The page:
Ever since we discovered and broadcast the photo of Liam Fox and Adam Werritty on a trip to Sri Lanka on Channel 4 News last week we, along with the rest of the media, have been fascinated by the revelations of just how often Mr Werrity seems to have appeared on official or unofficial trips with the secretary of state for defence, writes Channel 4 News Foreign Editor Ben De Pear.

Whilst we await the investigations into the propriety of his actions, the other questions surrounding the defence secretary’s relations with the regime in Sri Lanka, questions asked a long time ago but never properly answered, deepen with the multiple appearances at his side of his friend/erstwhile adviser/business partner in meetings with members of the Sri Lankan regime.

Since March 2009 Channel 4 News and Channel 4, culminating with the film Sri Lanka’s Killing Fields, have reported and tried to investigate what happened in the final weeks and months of Sri Lanka’s civil war. It was a brutal 30-year conflict, in which a ruthless terror organisation, the Tamil Tigers, pioneered the use of suicide bombers and child soldiers, targeting  civilians and military alike, as it sought to overthrow the government in the north and east of the country.

09 foxwerritty 602 What was Werritty doing meeting Sri Lanka's regime?

After years of attempted negotiations, which Liam Fox as a foreign minister from 1996-1997 did much to facilitate, in 2008 the government of Sri Lanka under President Mahinda Rajapaksa, as the head of a troika of brothers running the country, decided to end the war once and for all.

By March 2009 the huge and unprecedented Sri Lankan army assault on the north and east of the island had trapped 300,000 civilians, with the remnants of the Tamil Tigers, in a tiny and ever-shrinking strip of land in the north east of the country.

Over a period of weeks, the Sri Lankan government remorselessly shelled, bombed from the air, and attacked those within the area they named the “no-fire zone”. Countless NGO and UN reports into what happened there put the estimate of civilian deaths at 40,000.

In the crudest terms of war – the speed and rate of killing, the numbers of dead, and the apparent actions of Sri Lankan soldiers who seem to have filmed themselves on multiple occasions abusing and executing bound prisoners, as well as showing gross disrespect for the bodies of the dead – it has scarcely been matched in barbarity this century.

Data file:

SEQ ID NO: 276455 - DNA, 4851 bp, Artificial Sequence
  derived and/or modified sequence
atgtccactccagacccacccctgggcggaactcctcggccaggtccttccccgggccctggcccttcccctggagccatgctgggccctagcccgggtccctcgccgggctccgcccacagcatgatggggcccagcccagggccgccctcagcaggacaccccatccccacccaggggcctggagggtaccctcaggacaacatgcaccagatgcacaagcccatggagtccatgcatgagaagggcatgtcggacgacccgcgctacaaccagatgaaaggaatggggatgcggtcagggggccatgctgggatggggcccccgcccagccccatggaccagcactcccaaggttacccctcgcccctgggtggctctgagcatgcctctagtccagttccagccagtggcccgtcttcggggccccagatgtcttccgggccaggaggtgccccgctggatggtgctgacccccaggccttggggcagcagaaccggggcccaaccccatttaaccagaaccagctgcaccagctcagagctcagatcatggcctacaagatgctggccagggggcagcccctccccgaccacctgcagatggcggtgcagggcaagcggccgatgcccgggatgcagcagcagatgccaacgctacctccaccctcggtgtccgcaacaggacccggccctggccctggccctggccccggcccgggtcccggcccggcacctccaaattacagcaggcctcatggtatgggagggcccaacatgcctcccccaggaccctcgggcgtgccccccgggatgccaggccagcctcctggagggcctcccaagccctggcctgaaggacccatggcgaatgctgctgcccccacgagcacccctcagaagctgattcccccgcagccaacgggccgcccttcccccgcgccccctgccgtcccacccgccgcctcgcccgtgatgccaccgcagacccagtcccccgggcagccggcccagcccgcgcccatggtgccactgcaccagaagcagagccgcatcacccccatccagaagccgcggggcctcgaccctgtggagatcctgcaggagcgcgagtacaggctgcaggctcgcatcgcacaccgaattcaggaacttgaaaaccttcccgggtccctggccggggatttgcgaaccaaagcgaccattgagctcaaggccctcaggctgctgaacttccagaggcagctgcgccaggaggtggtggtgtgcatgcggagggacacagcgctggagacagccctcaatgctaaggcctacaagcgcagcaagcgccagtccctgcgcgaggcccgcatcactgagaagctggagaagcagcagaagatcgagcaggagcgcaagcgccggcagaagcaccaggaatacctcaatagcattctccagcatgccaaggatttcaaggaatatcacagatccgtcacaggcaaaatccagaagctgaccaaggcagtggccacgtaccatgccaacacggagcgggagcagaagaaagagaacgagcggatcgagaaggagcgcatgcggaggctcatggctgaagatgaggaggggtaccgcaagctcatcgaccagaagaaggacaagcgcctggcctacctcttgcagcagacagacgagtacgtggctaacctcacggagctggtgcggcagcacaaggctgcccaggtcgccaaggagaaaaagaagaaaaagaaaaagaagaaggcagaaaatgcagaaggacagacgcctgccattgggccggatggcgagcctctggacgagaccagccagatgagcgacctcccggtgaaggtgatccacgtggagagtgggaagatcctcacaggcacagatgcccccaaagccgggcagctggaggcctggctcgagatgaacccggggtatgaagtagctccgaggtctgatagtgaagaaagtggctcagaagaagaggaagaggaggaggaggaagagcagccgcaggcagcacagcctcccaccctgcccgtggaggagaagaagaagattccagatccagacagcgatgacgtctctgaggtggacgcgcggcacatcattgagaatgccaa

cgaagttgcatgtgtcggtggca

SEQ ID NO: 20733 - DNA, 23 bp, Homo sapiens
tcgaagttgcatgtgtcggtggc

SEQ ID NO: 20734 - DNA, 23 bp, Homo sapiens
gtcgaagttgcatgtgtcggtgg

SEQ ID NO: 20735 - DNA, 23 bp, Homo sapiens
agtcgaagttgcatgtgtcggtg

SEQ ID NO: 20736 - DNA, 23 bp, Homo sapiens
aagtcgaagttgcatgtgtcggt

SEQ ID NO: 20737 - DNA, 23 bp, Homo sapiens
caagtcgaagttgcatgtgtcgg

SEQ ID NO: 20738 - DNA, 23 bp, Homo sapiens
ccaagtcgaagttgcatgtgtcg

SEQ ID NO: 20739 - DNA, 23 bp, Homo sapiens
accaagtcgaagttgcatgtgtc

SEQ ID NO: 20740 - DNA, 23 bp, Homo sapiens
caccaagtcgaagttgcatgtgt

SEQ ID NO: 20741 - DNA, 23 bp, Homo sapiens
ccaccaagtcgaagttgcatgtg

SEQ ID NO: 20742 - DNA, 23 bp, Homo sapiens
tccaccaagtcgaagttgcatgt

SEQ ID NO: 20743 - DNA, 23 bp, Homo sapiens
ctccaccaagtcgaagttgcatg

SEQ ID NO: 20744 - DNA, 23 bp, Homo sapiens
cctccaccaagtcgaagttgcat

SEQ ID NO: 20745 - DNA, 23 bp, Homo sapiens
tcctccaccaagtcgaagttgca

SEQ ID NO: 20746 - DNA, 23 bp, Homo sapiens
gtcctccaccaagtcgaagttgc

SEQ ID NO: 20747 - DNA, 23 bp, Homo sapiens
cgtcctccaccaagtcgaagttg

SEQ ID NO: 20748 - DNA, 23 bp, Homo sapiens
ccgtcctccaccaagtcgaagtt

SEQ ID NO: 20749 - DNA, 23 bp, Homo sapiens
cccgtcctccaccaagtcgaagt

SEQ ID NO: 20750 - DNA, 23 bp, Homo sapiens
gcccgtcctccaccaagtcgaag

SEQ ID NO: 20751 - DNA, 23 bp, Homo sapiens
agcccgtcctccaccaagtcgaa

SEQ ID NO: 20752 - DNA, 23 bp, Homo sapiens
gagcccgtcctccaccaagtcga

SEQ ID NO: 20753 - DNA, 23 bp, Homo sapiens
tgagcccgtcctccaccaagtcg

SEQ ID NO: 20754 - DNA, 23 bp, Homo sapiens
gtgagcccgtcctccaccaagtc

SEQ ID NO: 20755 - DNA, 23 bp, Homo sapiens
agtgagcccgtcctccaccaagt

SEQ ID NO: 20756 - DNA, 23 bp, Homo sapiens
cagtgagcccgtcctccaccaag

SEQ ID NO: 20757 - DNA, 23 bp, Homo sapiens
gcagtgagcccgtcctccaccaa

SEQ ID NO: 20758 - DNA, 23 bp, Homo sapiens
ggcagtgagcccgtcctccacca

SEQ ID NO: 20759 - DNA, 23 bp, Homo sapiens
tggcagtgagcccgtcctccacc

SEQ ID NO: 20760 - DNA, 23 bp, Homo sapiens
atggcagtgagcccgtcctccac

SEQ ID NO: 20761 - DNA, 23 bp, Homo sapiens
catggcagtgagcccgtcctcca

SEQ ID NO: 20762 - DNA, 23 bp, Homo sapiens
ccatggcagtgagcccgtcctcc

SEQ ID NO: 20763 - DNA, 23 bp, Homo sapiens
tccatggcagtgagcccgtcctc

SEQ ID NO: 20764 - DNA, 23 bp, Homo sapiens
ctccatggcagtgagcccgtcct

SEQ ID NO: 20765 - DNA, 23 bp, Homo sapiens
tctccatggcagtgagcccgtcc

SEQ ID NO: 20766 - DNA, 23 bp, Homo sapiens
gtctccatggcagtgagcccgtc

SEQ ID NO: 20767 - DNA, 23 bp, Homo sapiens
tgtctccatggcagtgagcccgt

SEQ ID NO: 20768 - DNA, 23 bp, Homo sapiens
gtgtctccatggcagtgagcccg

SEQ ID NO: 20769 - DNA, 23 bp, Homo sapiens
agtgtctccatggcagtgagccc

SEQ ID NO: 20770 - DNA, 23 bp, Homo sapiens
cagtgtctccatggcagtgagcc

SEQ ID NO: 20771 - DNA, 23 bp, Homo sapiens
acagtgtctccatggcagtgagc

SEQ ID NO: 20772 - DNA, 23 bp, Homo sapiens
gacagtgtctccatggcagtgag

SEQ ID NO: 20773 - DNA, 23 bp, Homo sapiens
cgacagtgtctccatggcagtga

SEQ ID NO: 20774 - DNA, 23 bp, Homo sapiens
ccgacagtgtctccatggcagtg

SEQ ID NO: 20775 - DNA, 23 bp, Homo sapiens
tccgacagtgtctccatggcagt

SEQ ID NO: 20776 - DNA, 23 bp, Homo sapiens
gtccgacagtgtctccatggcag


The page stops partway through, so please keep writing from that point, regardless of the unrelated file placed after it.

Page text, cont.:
It ended the war with the total and absolute crushing defeat of the Tamil Tigers, but at what cost has been hard to exactly quantify. Certainly tens of thousands. But a triumphant government has seen little reason to review the recent past.

The countless unanswered questions over what happened, how many died, and who gave the orders, have been asked again and again by human rights campaigners, parliaments around the world, and even our own prime minister. The UN, in a 120-age report ordered by the secretary general, has repeatedly called for there to be proper and independent investigations into what happened.

The Sri Lankan government, which will not allow journalists from Channel 4 News and countless other media organisations into the country, has one of the worst records in the world on repression of its own media, and has repeatedly prevented the UN from investigating the allegations of war crimes against it.

Cables from the US ambassador to Sri Lanka back to Washington revealed his opinion that there would be no proper investigations because those who ordered the killing were the people who ran the country, the Rajapaksa brothers.

Mr Fox, as far as can be ascertained, has met the president on at least three occasions in the last three years – almost as many times as he has met President Karzai, the leader of a country where ten thousand British troops are fighting a war.

In December, when he met the president on his trip to London, we asked what the nature of these meetings were and were told they were private, and that a future planned trip would also be so. Its status later became official. For their part the Sri Lankans have used these meetings to show that relations between Britain and Sri Lanka are normal, that their president is internationally respected.

On his last trip to Sri Lanka Mr Fox finally publicly called for Sri Lanka to properly investigate and account for its actions at the end of the war. But what was Mr Werritty doing in the meetings with the regime? Was he there as Mr Fox’s friend, or his adviser? Or was he there on business? These questions remain, as do the questions of the Sri Lankan regime itself.

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